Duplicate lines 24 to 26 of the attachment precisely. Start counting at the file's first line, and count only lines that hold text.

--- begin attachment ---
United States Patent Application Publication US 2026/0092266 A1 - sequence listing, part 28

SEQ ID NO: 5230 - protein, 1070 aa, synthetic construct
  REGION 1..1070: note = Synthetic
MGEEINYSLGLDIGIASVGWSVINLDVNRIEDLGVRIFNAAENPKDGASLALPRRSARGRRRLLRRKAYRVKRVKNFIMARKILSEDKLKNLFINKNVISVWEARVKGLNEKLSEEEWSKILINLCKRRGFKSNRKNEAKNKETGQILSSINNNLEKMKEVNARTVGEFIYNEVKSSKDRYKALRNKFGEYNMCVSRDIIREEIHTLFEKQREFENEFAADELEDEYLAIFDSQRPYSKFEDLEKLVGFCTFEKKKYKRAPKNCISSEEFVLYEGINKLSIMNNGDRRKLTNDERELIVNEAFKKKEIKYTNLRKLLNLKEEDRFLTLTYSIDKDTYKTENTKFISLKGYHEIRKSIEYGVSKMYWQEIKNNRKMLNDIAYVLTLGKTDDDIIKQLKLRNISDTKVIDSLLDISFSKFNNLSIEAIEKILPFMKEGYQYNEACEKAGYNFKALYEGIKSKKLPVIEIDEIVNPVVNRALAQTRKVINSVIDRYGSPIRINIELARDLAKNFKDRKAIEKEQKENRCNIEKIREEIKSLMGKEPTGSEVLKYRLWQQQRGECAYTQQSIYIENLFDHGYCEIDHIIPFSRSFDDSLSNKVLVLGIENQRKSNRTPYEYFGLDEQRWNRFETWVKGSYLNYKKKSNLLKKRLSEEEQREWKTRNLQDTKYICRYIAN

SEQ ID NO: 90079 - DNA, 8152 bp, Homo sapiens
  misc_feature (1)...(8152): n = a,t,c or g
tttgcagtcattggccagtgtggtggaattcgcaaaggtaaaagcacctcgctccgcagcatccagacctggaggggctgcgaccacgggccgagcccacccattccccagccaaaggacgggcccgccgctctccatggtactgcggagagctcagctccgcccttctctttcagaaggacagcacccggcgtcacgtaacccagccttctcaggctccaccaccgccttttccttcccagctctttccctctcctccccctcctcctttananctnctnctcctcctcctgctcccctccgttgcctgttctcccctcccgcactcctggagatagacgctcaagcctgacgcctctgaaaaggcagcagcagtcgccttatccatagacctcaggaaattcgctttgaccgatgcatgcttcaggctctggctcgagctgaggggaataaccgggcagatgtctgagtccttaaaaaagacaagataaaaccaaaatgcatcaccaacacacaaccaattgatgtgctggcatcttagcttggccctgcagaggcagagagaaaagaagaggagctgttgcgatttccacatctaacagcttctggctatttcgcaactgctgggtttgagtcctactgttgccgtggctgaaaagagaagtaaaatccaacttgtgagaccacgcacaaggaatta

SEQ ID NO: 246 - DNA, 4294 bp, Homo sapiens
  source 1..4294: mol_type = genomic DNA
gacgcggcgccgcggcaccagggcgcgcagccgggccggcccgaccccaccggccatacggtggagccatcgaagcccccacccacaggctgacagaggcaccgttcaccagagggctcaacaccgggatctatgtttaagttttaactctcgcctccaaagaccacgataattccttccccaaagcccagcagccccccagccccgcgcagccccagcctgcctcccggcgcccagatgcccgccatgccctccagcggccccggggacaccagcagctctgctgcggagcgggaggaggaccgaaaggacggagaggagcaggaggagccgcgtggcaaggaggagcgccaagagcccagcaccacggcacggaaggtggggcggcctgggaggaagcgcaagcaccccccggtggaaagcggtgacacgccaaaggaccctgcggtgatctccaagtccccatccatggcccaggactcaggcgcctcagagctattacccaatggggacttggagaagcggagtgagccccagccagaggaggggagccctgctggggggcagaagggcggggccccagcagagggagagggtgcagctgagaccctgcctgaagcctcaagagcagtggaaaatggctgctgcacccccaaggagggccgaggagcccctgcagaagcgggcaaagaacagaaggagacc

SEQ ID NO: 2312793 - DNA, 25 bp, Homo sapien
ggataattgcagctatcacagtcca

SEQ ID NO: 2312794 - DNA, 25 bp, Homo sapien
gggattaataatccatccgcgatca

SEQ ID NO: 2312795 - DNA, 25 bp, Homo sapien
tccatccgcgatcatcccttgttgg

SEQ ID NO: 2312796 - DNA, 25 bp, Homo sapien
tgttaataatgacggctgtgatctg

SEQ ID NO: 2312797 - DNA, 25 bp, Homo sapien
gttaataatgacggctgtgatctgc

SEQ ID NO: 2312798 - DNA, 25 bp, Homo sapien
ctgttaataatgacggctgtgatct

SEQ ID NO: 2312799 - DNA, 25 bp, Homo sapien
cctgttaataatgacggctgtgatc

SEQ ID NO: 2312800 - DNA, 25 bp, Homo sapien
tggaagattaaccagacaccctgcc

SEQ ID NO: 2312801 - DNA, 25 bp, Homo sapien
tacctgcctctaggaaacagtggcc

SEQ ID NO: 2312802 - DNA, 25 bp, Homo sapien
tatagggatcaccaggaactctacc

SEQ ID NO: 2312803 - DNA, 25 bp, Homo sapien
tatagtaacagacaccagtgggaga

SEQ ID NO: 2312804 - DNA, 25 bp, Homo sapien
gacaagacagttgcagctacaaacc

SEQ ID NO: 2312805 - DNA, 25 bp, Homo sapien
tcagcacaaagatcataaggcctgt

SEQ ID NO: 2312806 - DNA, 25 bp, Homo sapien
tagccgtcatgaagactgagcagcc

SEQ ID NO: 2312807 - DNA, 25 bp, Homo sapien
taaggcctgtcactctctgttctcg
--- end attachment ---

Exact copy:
cctgttaataatgacggctgtgatc

SEQ ID NO: 2312800 - DNA, 25 bp, Homo sapien
tggaagattaaccagacaccctgcc